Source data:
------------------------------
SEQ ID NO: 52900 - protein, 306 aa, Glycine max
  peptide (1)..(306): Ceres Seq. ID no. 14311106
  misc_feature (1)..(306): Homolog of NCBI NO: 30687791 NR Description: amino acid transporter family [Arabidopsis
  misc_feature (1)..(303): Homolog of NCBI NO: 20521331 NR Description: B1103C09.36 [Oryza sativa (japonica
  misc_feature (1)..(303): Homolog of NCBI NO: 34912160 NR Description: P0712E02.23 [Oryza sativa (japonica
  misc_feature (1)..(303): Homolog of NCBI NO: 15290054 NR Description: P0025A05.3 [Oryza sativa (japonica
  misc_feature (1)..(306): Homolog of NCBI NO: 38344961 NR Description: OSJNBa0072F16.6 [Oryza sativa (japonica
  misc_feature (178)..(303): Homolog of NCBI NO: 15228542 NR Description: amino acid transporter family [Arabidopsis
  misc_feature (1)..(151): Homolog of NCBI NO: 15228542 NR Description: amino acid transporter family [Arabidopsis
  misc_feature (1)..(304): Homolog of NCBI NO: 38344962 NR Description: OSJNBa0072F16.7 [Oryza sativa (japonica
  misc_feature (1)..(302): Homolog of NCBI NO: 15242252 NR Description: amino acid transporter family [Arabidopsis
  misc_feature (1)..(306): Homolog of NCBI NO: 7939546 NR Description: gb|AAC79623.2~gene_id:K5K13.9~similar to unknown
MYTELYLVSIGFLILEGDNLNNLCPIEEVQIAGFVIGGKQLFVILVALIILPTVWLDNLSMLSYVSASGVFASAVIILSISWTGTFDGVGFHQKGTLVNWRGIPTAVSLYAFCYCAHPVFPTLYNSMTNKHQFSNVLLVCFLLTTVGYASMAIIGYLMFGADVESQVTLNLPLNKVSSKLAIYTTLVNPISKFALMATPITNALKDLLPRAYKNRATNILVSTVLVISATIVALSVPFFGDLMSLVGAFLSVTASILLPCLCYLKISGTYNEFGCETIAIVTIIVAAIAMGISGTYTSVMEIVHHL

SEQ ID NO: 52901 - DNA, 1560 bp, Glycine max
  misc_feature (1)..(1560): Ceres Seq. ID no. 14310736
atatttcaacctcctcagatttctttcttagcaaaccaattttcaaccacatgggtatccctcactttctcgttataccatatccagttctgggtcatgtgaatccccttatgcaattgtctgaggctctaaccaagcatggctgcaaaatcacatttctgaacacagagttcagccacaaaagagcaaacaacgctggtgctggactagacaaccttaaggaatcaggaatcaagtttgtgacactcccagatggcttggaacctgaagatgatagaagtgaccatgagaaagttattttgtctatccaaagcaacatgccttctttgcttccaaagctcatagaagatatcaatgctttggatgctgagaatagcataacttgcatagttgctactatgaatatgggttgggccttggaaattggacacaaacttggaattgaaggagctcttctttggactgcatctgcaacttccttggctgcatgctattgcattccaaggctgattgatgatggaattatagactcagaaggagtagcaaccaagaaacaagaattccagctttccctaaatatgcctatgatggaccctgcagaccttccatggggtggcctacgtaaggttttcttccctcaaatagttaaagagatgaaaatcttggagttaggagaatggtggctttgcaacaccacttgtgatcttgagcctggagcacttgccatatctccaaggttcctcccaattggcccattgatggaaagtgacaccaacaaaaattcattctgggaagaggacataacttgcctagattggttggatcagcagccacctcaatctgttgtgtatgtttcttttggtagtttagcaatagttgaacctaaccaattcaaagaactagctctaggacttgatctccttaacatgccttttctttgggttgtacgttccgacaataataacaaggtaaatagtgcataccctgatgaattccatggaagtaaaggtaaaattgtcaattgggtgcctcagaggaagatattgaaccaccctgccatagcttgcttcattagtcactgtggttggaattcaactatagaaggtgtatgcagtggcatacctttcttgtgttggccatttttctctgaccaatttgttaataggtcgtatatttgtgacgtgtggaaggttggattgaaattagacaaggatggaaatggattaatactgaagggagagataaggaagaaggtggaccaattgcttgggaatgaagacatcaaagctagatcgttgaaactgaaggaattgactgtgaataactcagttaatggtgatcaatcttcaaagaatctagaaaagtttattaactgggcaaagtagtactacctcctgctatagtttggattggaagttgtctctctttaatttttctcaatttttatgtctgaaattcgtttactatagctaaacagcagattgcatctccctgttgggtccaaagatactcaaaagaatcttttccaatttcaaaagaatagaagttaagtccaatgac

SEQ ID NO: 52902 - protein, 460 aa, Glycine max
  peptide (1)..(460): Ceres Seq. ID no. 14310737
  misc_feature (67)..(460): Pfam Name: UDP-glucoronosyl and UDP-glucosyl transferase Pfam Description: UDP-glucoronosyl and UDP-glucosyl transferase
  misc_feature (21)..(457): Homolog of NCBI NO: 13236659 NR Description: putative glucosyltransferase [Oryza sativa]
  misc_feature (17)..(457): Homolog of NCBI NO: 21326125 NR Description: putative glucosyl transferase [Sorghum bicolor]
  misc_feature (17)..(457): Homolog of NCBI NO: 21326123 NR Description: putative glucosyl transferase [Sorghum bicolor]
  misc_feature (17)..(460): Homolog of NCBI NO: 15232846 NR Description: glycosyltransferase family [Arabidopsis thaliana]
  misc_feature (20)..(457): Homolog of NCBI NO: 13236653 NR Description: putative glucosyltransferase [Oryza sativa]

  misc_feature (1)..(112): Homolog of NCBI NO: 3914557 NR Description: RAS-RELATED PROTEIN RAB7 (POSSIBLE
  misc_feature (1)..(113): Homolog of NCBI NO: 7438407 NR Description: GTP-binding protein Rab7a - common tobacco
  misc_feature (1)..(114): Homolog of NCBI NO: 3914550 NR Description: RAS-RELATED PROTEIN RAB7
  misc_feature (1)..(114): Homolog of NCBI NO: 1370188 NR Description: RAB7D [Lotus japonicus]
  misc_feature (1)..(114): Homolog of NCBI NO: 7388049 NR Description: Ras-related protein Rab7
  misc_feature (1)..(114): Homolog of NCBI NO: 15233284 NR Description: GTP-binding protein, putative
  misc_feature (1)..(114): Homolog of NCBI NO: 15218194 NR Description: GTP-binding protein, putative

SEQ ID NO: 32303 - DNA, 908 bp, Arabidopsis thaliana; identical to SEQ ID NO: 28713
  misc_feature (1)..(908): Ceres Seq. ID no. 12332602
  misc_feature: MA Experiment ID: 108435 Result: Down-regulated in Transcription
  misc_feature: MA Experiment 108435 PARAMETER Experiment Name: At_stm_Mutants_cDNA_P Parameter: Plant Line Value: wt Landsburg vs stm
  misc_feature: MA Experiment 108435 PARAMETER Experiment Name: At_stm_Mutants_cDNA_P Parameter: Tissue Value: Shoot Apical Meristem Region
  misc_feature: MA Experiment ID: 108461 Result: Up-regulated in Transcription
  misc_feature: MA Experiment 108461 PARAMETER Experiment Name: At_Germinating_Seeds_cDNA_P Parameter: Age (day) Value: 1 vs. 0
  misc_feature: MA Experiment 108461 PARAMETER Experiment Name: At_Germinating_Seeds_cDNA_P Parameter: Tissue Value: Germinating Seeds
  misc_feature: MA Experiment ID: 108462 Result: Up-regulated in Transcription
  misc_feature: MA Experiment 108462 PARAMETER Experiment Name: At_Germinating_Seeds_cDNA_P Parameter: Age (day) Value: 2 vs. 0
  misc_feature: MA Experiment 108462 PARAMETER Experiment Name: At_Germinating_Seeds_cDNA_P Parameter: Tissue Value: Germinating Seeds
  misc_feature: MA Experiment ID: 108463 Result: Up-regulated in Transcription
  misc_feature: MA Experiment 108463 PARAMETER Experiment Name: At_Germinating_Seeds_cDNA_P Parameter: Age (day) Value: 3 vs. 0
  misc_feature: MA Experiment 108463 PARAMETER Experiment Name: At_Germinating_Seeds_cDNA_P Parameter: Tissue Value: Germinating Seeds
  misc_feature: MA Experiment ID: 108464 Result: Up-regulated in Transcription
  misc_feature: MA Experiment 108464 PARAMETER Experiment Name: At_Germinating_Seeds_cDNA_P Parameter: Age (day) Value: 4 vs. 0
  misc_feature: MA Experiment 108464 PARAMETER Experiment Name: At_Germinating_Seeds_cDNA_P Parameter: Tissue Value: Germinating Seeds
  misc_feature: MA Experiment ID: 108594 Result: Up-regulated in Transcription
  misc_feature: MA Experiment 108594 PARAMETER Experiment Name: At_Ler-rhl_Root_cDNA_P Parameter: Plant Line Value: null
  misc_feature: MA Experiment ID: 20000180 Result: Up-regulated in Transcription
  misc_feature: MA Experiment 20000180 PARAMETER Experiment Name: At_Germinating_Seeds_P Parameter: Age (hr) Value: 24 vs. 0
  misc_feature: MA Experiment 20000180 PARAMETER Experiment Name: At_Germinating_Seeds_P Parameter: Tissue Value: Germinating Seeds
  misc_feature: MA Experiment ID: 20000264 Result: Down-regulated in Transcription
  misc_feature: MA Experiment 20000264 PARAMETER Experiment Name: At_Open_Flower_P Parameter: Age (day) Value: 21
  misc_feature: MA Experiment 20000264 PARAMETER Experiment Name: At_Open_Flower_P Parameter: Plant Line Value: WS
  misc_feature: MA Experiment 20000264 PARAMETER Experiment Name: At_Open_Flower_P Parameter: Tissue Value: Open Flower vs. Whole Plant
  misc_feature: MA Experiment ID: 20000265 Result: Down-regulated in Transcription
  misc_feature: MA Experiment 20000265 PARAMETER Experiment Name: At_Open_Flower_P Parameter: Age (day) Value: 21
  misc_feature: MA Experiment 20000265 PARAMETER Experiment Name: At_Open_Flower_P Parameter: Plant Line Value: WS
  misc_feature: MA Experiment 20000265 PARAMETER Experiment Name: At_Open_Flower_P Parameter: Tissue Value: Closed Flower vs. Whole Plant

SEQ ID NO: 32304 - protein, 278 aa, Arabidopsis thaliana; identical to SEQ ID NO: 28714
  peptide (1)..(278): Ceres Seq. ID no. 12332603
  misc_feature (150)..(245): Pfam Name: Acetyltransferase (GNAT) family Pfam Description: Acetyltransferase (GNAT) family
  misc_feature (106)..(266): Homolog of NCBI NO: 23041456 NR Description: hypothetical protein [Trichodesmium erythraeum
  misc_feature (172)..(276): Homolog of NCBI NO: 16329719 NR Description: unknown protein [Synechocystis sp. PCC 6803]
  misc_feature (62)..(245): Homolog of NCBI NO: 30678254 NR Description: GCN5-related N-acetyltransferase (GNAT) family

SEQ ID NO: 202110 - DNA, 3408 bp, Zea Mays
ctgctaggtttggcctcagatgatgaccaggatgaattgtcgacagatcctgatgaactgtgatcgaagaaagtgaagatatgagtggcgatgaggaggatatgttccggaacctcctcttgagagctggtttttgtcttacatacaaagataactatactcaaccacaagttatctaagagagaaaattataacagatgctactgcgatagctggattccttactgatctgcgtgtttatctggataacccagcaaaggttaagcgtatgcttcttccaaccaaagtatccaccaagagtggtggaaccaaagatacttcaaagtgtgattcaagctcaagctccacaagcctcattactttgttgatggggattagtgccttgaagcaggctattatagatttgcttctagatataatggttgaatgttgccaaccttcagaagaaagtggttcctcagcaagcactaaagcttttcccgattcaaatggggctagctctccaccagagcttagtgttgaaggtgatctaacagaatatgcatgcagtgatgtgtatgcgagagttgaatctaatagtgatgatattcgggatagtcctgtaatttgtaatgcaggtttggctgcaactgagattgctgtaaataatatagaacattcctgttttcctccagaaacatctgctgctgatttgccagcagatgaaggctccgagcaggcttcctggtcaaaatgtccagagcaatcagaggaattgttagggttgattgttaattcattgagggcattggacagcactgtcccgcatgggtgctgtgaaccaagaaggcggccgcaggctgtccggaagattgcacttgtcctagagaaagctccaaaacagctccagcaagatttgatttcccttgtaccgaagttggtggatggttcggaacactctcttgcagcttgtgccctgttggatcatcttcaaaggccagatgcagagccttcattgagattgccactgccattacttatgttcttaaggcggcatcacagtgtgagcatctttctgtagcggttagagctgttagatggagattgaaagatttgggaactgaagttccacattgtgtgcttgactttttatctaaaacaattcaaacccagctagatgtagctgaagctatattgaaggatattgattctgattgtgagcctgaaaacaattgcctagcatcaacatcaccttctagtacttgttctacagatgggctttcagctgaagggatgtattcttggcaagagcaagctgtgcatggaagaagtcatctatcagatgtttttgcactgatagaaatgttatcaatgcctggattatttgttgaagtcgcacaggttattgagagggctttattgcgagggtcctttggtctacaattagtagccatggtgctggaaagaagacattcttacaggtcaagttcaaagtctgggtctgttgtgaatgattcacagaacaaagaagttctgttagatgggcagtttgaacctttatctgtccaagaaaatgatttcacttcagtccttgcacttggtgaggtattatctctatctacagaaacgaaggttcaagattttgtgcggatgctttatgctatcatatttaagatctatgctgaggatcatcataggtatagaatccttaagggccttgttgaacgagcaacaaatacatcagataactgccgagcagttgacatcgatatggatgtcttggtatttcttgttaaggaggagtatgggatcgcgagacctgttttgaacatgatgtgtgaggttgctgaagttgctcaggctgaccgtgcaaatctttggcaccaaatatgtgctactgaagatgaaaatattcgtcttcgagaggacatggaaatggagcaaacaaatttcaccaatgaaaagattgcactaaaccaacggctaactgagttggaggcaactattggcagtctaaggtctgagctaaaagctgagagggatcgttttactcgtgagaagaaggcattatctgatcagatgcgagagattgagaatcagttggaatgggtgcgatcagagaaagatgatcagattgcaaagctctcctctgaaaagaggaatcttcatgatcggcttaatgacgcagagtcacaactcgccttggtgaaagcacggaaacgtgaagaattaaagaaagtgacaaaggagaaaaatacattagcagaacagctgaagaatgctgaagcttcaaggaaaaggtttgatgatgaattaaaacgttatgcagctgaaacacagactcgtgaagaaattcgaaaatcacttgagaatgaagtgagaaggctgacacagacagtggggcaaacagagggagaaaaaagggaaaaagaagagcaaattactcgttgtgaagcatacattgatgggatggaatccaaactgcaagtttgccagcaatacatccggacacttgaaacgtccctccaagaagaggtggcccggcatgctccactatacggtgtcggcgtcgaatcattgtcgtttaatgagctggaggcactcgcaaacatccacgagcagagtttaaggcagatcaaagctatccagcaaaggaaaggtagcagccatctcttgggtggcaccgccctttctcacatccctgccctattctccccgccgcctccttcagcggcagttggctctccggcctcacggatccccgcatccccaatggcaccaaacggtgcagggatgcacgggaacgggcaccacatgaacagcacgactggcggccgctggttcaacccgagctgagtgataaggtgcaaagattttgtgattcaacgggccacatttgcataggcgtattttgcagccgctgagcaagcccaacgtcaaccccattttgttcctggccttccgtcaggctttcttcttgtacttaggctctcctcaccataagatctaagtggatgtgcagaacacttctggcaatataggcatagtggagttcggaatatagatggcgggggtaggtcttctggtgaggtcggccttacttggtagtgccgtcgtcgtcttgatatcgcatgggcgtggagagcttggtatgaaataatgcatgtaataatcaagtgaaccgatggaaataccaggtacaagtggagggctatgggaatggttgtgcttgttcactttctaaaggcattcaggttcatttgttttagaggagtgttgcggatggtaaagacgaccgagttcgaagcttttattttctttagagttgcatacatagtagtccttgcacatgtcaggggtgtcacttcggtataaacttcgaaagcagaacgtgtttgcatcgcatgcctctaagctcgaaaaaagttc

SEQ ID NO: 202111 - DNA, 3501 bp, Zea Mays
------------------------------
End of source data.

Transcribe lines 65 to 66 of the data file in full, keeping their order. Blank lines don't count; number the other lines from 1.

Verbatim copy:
  misc_feature (106)..(266): Homolog of NCBI NO: 23041456 NR Description: hypothetical protein [Trichodesmium erythraeum
  misc_feature (172)..(276): Homolog of NCBI NO: 16329719 NR Description: unknown protein [Synechocystis sp. PCC 6803]